Which Joe gave his name to ‘sloppy joes’? We look at five interesting sandwiches and their lexical origins.
A ruby of a delicate rose-red variety.
- ‘Richard II. had a coat, valued at thirty thousand marks, which was covered with balas rubies.’
- ‘Some garnets, e.g., Arizona ruby, Bohemian ruby, Cape ruby, and some spinels, e.g., balas ruby, ruby spinel, are ruby colored.’
- ‘Set with three balas rubies, pearls, and a central diamond, the Three Brothers passed among European royalty to raise money for armies until bought by the Tudors.’
- ‘The passage offers a poetic description of the Buddhas and their former adornments of painted robes and balas rubies.’
- ‘A highlight will also be a visit to Badakhshan's long lost balas ruby mines and a side trip to the Russian emerald mines.’
- ‘But from the middle ages spinel was often referred to as ‘balas ruby’, as you mentioned.’
- ‘The coronation crown featured large balas rubies (red spinel), surrounded by emeralds, pearls, oriental sapphires, and rubies.’
- ‘In the past, spinel has been referred to as ‘balas ruby’, a reference to the mines of Badakhshan.’
- ‘But what is found here is slightly different: balas rubies otherwise known as spinels.’
- ‘The balas, or balas ruby, for example, is a type of spinel.’
- ‘Anything goes, including gauds of pearls, of enameled gold, even of balas rubies and sapphires.’
- ‘Hence, in 1402, Berry convinced the king to open the royal coffers and disburse 14,000 of the 18,000 ecus he needed to purchase a fabulous balas ruby.’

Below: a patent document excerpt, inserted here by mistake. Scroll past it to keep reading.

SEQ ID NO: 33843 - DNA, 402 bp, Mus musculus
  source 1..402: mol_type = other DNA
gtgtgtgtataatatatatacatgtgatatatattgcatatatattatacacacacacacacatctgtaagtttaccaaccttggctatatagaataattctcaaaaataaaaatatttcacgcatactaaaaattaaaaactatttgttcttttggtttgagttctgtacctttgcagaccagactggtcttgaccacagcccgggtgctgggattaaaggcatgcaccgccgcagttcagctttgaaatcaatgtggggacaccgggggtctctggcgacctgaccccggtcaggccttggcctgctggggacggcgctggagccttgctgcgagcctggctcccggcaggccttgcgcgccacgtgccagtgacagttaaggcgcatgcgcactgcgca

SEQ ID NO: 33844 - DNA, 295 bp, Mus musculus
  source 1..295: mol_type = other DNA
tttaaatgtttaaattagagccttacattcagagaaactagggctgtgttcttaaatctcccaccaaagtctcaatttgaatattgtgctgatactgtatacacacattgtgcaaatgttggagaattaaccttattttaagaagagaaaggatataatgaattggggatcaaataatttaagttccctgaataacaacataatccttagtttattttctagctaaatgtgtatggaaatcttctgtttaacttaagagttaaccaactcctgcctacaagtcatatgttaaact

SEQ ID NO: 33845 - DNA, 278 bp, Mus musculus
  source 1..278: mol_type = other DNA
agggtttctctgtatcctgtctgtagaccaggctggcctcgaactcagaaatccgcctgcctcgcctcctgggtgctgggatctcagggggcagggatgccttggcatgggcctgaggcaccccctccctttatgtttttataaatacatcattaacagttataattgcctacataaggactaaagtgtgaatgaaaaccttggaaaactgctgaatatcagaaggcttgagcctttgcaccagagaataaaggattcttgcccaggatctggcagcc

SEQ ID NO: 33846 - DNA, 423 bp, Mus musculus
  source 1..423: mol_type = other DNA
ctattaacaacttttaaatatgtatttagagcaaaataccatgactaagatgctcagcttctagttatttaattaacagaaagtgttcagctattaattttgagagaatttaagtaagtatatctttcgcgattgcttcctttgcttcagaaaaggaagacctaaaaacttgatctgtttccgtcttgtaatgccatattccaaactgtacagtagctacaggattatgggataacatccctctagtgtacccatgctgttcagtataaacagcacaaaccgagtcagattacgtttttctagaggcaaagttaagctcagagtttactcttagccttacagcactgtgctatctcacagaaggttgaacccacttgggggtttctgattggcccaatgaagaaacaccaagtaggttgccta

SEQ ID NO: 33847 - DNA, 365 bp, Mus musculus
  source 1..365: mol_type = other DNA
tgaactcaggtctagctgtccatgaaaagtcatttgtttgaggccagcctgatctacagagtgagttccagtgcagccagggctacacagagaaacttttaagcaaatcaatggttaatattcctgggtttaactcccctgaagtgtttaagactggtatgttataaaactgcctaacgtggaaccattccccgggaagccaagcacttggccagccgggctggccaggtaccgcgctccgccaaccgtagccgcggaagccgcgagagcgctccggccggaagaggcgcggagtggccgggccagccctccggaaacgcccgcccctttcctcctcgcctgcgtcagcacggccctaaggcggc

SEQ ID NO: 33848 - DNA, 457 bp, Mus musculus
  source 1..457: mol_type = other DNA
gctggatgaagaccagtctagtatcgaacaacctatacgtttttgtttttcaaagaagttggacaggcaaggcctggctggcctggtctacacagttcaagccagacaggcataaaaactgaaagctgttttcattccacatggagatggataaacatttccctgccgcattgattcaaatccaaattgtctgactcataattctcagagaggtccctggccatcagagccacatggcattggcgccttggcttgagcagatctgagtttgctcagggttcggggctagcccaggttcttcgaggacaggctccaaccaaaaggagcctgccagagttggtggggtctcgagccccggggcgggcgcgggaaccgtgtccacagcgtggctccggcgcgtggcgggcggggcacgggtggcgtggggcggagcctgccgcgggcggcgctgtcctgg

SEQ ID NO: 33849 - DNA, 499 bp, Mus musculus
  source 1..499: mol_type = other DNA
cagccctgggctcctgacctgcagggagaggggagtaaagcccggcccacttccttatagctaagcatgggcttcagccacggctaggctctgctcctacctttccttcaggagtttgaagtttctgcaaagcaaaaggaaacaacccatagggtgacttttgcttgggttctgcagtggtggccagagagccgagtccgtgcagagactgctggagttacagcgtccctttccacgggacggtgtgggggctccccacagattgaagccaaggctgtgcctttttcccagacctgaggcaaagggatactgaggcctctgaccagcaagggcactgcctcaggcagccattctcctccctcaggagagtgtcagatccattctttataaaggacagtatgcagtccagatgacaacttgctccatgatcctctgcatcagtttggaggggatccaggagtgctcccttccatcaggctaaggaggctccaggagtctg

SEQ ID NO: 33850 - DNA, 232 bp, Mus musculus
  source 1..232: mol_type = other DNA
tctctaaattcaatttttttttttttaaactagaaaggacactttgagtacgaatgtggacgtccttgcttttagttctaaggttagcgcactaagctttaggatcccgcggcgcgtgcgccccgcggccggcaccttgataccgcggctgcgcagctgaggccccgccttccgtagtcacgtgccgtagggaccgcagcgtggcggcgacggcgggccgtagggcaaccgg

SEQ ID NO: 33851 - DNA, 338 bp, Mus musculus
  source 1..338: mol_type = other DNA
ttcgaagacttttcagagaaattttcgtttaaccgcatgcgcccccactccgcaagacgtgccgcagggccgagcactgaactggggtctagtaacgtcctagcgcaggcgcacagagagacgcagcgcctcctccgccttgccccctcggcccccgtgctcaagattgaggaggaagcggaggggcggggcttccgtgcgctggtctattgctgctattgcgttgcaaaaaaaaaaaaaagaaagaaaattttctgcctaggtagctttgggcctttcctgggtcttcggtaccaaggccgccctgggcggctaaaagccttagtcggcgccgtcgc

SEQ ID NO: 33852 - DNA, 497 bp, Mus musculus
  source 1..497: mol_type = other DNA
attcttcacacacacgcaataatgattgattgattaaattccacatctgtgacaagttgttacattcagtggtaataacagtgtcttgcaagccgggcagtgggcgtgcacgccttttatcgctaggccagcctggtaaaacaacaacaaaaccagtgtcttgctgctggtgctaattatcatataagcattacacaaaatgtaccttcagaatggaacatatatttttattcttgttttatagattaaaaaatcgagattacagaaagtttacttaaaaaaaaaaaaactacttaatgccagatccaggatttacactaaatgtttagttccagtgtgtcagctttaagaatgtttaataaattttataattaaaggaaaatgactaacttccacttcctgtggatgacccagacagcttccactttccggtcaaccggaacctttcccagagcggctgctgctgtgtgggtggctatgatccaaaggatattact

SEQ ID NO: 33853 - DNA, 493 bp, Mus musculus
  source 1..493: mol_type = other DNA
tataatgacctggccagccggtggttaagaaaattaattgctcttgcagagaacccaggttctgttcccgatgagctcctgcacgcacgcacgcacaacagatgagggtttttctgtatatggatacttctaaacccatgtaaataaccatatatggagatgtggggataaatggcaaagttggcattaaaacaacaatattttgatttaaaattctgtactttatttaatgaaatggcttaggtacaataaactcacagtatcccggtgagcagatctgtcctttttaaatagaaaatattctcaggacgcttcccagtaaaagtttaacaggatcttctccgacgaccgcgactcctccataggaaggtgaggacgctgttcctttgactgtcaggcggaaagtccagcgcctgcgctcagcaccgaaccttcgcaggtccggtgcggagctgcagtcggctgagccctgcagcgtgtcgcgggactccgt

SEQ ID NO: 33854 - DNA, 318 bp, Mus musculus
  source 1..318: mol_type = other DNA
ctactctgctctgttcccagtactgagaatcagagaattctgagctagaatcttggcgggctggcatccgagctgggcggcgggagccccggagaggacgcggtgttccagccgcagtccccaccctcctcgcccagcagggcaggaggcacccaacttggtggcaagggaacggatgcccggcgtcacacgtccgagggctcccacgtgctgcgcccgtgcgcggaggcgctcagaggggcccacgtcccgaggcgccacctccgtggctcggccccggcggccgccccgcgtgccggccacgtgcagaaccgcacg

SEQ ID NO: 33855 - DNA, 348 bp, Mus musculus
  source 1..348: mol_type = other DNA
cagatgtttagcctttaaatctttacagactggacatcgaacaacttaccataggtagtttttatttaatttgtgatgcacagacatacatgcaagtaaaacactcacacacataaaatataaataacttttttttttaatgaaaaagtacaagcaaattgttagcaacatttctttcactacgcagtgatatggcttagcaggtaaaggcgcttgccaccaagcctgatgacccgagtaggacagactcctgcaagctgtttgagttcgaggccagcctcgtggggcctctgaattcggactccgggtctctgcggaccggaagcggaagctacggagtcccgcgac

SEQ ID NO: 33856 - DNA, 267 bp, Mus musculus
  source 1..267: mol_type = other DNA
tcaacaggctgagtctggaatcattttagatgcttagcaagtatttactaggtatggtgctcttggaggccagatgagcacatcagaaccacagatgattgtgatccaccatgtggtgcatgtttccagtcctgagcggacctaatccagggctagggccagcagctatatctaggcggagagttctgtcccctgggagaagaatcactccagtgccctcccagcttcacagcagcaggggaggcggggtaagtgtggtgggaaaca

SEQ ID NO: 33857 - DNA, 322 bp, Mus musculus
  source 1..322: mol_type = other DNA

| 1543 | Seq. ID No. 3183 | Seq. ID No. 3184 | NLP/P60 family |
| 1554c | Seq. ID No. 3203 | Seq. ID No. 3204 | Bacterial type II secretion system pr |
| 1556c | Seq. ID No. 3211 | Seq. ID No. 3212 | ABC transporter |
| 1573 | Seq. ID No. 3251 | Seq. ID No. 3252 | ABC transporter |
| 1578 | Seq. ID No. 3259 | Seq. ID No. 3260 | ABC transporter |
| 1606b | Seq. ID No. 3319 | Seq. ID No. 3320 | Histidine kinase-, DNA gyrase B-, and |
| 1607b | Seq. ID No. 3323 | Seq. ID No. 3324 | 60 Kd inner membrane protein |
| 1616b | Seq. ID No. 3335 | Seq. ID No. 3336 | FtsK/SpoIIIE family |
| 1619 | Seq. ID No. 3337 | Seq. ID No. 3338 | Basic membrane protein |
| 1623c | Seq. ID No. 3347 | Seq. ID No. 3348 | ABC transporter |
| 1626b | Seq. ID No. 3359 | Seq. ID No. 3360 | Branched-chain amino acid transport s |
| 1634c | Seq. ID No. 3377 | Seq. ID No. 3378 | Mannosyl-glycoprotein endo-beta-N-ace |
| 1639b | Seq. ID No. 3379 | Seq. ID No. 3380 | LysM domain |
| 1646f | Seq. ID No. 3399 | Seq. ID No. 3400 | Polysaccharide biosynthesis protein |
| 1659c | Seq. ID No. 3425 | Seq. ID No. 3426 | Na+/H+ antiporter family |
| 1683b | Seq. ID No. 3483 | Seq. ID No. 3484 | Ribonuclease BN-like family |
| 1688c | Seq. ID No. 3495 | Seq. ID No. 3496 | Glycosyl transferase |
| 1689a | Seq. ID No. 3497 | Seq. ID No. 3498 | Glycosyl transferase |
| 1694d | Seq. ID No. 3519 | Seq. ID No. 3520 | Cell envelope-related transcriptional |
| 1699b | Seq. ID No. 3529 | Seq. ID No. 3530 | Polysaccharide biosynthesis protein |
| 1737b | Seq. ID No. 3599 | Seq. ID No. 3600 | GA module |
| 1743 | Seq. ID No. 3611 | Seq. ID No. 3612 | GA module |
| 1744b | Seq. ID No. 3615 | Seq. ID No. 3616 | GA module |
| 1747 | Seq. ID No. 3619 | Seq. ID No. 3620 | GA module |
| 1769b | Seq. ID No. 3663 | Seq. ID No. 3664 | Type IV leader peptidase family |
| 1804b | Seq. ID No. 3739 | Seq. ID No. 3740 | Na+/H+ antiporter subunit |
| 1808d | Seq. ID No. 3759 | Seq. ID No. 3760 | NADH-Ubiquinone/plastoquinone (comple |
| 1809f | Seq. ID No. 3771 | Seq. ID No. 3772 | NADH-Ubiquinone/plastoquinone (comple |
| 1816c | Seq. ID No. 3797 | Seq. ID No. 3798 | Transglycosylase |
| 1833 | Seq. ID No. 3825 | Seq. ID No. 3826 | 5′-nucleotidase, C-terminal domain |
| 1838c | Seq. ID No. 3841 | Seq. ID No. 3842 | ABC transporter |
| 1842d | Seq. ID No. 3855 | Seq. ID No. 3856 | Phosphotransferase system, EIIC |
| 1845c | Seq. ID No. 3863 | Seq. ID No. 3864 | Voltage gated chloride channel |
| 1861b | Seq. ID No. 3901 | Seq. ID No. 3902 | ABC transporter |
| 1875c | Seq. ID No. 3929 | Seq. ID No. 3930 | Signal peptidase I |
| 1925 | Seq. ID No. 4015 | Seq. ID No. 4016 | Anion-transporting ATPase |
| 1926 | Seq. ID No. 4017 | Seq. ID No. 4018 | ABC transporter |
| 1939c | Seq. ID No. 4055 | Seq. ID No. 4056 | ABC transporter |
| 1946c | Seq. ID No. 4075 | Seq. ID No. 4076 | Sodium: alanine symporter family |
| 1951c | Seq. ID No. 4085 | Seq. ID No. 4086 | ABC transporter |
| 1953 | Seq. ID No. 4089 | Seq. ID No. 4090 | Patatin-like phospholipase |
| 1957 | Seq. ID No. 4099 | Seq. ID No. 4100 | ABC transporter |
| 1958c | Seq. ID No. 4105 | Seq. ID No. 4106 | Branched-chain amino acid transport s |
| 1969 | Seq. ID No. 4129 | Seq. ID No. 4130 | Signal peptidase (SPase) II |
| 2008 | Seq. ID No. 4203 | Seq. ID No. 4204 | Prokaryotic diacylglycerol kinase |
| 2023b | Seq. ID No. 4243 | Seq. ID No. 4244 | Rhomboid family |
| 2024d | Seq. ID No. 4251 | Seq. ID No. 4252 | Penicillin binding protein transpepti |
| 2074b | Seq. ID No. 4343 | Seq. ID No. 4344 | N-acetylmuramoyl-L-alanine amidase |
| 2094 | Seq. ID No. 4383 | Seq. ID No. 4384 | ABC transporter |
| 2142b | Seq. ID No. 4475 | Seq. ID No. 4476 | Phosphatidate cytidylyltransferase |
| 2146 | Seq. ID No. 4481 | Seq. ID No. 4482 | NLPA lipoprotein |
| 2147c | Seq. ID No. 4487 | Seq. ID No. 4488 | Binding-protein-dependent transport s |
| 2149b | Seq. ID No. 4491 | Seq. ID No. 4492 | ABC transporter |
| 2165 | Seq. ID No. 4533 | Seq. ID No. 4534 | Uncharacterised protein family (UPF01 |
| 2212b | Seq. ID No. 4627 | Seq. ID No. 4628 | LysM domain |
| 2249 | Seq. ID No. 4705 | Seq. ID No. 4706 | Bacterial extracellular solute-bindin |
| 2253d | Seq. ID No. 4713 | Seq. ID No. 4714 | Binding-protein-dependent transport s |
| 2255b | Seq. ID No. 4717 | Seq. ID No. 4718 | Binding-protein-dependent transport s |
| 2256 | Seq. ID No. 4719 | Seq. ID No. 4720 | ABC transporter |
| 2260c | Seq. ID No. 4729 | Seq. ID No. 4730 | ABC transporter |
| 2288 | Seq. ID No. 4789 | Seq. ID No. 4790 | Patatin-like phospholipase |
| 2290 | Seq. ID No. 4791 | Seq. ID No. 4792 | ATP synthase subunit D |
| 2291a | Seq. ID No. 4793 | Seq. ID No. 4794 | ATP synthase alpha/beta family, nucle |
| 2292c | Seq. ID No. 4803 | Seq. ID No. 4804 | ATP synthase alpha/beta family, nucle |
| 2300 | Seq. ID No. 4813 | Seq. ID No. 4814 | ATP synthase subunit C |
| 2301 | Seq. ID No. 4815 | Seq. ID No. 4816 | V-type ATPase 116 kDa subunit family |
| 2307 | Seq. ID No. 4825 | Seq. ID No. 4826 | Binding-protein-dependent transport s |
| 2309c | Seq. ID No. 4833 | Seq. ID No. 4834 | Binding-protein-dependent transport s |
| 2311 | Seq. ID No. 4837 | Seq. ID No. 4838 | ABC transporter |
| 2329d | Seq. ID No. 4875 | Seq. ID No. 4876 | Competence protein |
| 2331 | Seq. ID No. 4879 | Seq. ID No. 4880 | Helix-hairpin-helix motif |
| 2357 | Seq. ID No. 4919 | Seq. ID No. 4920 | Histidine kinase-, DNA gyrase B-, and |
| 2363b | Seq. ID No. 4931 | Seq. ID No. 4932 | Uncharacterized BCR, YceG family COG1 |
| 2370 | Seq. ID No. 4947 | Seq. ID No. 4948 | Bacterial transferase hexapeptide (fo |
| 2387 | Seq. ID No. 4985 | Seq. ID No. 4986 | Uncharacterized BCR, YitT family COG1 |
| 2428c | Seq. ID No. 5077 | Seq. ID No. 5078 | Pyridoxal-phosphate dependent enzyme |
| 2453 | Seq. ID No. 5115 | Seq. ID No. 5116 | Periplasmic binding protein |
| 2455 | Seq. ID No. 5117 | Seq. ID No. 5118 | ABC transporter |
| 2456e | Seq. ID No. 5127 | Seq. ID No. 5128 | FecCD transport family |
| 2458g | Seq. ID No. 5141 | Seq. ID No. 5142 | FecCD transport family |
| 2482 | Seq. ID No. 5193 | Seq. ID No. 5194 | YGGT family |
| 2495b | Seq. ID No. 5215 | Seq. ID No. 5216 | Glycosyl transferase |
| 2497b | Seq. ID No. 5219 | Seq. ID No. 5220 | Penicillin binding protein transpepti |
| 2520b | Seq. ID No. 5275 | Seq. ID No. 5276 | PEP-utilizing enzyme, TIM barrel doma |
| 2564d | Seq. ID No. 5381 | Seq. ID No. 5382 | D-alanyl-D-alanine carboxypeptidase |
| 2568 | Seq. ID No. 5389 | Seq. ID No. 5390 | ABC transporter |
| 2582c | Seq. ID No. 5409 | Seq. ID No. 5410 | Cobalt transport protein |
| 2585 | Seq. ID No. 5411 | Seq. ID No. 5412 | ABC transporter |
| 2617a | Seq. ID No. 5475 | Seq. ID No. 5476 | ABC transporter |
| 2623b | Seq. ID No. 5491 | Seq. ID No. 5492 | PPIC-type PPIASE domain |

- ‘The crown is lavishly decorated with twenty pearls and ninety-six gemstones including sapphires, rubies, balas rubies, emeralds and lynx sapphires.’
- ‘Ironically red spinels, often referred to in ancient texts as balas rubies, are actually more rare than ruby but, unlike ruby, they can sometimes be found in very large sizes.’
- ‘In the inventory of the crown jewels of France the price of balas rubies is four or five times less than that of spinels.’
- ‘Composed of three balas rubies and four pearls clustered around a pyramid-shaped diamond, the clasp was twice part of the crown jewels of Britain before disappearing in early Victorian times.’
Late Middle English: from Old French balais, from Arabic balaḵš, from Persian Badaḵšān, a district of Afghanistan where it is found.
We take a look at several popular, though confusing, punctuation marks.
From Afghanistan to Zimbabwe, discover surprising and intriguing language facts from around the globe.
The definitions of ‘buddy’ and ‘bro’ in the OED have recently been revised. We explore their history and increase in popularity.